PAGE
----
Transitioning to Adulthood ~ A Bumpy Ride for Gifted Kids

Every child is an individual and every child has needs. It’s no different for children identified as gifted or twice-exceptional.  But … how do we identify social-emotional needs of gifted children without pathologizing them?  Many GT kids are well-adjusted with minimal need for intervention, but others do have specific needs. Although clearly a point of contention among professionals, identifying the social-emotional needs of gifted children does not need to rise to the level of believing they are psychologically abnormal or unhealthy.

Those characteristics of giftedness that influence a child’s life do not suddenly disappear as they become adults; they grow right along with them. Childhood anxiety, asynchronous development, perfectionism, and more can manifest in adulthood. Gifted adults may have difficulty maintaining peer relationships due to a high level of internal drive (Webb), continued maturation differences well into their 20s, and existential depression.

Educators can guide gifted students as they endeavor to confront their ‘multipotentiality’ (Kerr) and bring focus into their lives regarding the direction they take in their academic careers. They can be extremely influential in the life of a gifted student by simply recognizing the nature of their needs and seeking professional development in how to meet those needs.

From the earliest years, gifted students recognize that they do not share the same concerns or abilities of their age-peers and the internal conflicts created because of this can affect their eventual transitioning into adulthood. Asynchronous development can be both positive and negative. Social-emotional needs and peer relations are most affected. Its effects are more pronounced in younger children and tend to lessen as they enter adulthood.

What challenges do twice-exceptional students face in transitioning to adulthood? Societal appreciation of what the ‘spectrum’ looks like is evolving. It is recognized as a ‘range’ of individual traits and abilities. There is growing acceptance that ability is not ‘all or nothing’; challenges exist and are variable.  The biggest challenge for twice-exceptional students is recognition that they exist and the second is the willingness of adults in their lives to learn about what it means and how to best help these kids to experience fulfillment in life.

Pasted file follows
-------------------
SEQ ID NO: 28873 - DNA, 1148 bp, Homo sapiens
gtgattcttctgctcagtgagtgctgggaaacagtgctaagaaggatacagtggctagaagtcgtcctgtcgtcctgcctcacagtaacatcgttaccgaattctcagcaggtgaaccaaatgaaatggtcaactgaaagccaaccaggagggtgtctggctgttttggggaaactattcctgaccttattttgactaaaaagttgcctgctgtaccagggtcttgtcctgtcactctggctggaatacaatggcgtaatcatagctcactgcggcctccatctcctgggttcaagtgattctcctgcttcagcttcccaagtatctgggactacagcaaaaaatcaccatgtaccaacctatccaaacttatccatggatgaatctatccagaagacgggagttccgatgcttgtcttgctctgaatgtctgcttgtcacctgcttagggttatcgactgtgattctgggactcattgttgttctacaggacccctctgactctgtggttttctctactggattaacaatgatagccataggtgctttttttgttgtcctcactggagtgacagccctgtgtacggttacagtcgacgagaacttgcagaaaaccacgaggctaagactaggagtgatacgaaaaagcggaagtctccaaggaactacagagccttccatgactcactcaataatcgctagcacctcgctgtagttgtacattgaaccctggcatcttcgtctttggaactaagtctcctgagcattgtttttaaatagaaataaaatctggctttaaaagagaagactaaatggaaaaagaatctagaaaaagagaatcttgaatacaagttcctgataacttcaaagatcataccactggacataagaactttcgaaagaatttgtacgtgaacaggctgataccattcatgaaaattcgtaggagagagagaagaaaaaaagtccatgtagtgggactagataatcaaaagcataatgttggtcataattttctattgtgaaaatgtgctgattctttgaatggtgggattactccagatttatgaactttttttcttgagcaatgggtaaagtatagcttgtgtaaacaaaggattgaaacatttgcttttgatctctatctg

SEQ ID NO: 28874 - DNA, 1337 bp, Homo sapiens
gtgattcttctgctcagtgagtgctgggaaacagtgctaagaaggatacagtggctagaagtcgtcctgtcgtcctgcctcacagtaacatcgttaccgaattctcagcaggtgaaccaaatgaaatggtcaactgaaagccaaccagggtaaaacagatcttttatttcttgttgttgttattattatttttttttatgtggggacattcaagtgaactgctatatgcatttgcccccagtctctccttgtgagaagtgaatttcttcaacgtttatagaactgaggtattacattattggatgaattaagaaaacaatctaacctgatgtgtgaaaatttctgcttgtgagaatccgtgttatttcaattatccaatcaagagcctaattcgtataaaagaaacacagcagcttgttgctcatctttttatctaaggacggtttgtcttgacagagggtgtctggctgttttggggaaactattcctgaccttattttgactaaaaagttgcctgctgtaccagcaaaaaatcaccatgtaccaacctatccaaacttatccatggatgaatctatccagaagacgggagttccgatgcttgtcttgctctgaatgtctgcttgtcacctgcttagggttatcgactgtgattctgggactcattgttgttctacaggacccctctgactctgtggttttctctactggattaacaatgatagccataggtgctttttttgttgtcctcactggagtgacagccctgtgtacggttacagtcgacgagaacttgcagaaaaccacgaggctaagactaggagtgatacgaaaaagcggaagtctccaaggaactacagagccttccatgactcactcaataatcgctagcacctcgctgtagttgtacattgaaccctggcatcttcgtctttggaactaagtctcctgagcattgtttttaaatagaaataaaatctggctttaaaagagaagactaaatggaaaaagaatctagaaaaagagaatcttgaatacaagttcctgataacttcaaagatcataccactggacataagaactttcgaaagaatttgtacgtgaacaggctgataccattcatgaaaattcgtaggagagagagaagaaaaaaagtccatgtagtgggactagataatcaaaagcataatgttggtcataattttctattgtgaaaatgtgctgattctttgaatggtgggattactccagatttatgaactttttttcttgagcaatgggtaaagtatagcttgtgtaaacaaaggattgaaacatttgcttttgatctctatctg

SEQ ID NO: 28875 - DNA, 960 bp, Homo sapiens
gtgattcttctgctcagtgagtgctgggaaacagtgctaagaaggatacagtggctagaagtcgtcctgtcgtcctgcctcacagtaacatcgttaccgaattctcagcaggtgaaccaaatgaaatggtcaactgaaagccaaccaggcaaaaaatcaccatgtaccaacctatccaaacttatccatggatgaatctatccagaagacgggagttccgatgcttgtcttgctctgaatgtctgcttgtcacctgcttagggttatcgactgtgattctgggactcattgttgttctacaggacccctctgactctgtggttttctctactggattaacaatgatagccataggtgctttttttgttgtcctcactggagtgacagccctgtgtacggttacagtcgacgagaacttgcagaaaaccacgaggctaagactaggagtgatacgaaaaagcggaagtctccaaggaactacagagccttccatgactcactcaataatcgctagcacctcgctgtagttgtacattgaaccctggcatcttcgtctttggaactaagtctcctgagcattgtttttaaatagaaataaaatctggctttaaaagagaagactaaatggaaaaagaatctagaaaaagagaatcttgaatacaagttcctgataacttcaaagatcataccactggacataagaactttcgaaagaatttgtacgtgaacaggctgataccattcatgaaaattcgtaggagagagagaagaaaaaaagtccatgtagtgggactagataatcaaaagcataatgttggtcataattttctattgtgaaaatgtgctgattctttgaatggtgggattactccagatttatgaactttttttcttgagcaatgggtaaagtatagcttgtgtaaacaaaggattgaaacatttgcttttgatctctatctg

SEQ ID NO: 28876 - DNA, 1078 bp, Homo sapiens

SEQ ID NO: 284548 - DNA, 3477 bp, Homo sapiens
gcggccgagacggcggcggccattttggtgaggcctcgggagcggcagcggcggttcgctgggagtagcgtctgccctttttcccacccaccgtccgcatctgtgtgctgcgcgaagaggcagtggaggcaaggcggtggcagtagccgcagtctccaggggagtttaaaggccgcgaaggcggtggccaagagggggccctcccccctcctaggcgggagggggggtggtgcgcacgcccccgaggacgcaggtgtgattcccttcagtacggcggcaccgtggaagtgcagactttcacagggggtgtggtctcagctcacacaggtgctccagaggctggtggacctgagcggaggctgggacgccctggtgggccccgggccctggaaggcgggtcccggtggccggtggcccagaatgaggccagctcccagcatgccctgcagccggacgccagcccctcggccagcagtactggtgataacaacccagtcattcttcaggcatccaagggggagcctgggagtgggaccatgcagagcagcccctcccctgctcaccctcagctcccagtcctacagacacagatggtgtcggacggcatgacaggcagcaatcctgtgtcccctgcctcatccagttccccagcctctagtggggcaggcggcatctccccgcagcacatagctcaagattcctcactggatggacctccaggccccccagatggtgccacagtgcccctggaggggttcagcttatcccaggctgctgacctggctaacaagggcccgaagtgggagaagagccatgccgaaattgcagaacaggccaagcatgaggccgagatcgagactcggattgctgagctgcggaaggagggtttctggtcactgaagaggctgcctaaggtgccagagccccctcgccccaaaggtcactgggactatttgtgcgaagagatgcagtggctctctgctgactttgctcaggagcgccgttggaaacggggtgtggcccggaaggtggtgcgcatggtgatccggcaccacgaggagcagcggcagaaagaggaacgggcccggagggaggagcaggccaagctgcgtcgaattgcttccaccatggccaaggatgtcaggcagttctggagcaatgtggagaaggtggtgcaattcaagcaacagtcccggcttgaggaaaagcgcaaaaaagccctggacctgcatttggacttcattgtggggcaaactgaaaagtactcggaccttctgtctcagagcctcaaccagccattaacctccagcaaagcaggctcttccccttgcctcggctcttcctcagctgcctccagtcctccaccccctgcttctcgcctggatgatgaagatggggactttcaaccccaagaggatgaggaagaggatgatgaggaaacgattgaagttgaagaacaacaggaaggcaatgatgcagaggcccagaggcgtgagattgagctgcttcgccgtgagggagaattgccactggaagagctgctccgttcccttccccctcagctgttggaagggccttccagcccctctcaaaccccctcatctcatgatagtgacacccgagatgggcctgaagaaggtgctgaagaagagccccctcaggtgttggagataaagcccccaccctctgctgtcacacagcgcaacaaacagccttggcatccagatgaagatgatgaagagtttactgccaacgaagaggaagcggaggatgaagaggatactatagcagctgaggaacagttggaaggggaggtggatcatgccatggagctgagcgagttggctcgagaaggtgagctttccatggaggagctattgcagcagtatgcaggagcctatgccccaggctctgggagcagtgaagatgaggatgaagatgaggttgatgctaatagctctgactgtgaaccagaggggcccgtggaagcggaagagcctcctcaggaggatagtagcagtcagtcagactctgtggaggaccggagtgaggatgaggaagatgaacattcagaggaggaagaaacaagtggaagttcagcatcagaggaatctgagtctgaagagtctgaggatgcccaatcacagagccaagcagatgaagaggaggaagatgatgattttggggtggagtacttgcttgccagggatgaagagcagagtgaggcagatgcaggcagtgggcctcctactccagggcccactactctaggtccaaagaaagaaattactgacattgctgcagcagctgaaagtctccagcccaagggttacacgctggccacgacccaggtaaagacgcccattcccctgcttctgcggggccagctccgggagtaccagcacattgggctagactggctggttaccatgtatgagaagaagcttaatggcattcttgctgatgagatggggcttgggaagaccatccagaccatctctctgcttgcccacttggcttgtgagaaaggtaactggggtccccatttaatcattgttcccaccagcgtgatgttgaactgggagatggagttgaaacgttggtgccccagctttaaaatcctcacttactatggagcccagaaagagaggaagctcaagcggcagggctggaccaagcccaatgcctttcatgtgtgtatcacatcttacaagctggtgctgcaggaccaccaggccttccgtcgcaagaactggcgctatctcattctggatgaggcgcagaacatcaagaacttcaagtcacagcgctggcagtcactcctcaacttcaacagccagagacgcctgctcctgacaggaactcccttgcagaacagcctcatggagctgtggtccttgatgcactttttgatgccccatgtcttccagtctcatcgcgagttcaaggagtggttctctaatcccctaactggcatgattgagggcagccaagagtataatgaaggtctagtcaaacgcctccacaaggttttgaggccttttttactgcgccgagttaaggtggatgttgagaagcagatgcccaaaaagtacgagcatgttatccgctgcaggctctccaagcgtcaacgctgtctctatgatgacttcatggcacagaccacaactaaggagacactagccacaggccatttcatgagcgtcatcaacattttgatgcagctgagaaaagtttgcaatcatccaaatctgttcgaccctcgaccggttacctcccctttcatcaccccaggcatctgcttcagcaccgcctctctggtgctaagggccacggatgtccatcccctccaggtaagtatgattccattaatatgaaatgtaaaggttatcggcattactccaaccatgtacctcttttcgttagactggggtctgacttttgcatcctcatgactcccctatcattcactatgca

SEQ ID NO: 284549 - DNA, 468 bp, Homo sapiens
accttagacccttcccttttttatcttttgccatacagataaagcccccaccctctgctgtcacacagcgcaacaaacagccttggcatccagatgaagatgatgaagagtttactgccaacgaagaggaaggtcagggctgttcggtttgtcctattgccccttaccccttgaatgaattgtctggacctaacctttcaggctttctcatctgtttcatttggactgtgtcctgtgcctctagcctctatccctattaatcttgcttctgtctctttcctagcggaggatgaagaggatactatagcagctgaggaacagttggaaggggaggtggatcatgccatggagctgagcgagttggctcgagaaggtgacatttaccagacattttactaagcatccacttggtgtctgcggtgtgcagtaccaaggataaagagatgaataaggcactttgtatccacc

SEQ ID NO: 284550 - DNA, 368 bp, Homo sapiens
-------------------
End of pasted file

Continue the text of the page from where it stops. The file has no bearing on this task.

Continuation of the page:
Parents can help ease their gifted child’s transition into adulthood. The best strategies start with the premise that parents are trying to do their best and most sources of advice don’t generally apply to their child. Parents today benefit from the existence of organizations such as SENG, IEA, NAGC and the Texas Association for the  Gifted and Talented who provide parents with strategies for meeting the needs of their gifted children. A transcript of this chat may be found at Wakelet.

Global #gtchat Powered by the Texas Association for the Gifted and Talented  is a weekly chat on Twitter. Join us Thursdays at 8E/7C/6M/5P in the U.S. and Fridays at Noon NZST/10 AM AEST/1 AM UK  to discuss current topics in the gifted community and meet experts in the field. Transcripts of our weekly chats can be found at Wakelet. Our Facebook Page provides information on the chat and news and information regarding the gifted community. Also, checkout our Pinterest Page and Playlist on YouTube.

 Lisa Conrad About the authorLisa Conrad is the Moderator of Global #gtchat Powered by TAGT and Social Media Manager of the Global #gtchat Community. She is a longtime  advocate for gifted children and also blogs at  Gifted Parenting Support. Lisa can be contacted at: gtchatmod@gmail.com

Resources:

Mexico’s Youngest Psychologist, Aspiring to Ease Gifted Students’ Transition to Adulthood

Young, Gifted and Likely to Suffer for It

Gifted Lives: What Happens When Gifted Children Grow Up (book)

How Being a Gifted Kid Affects You as an Adult

Gifted Children: What Happens When They Grow Up?

Gifted Lives: What Happens When Gifted Children Grow Up? (Part Two)

Asynchronous Transitioning to Adulthood

To Be a Gifted Adolescent (pdf)

Assertive or Arrogant? Why Gifted Teens Sometimes Get a Bad Rap

Transitioning from College to Work and Young Adulthood for the Twice-Exceptional Individual

Multipotentiality: Issues and Considerations for Career Planning

Mind Matters Podcast: Transitioning to Adulthood

The Gifted Kids Workbook (book)

Gifted Grownups: Young MC

Discovering the Gifted Ex-Child (Tolan)

Understanding the Gifted Self: If Only I Had Known

Gifted Children and Adults — Why Are They So Misunderstood?

Looking for an Adventure? Try Parenting a Gifted Kid

If Gifted = Asynchronous Development, then Gifted/Special Needs = Asynchrony Squared

Image courtesy of Pixabay Pixabay License 

Graphic courtesy of Lisa Conrad

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Posted on May 15, 2019, in Asynchronous Development, gifted and talented, Multipotentiality, parenting and tagged , , , , , . Bookmark the permalink. 1 Comment.

  1. Thanks for including my blog here, Lisa!

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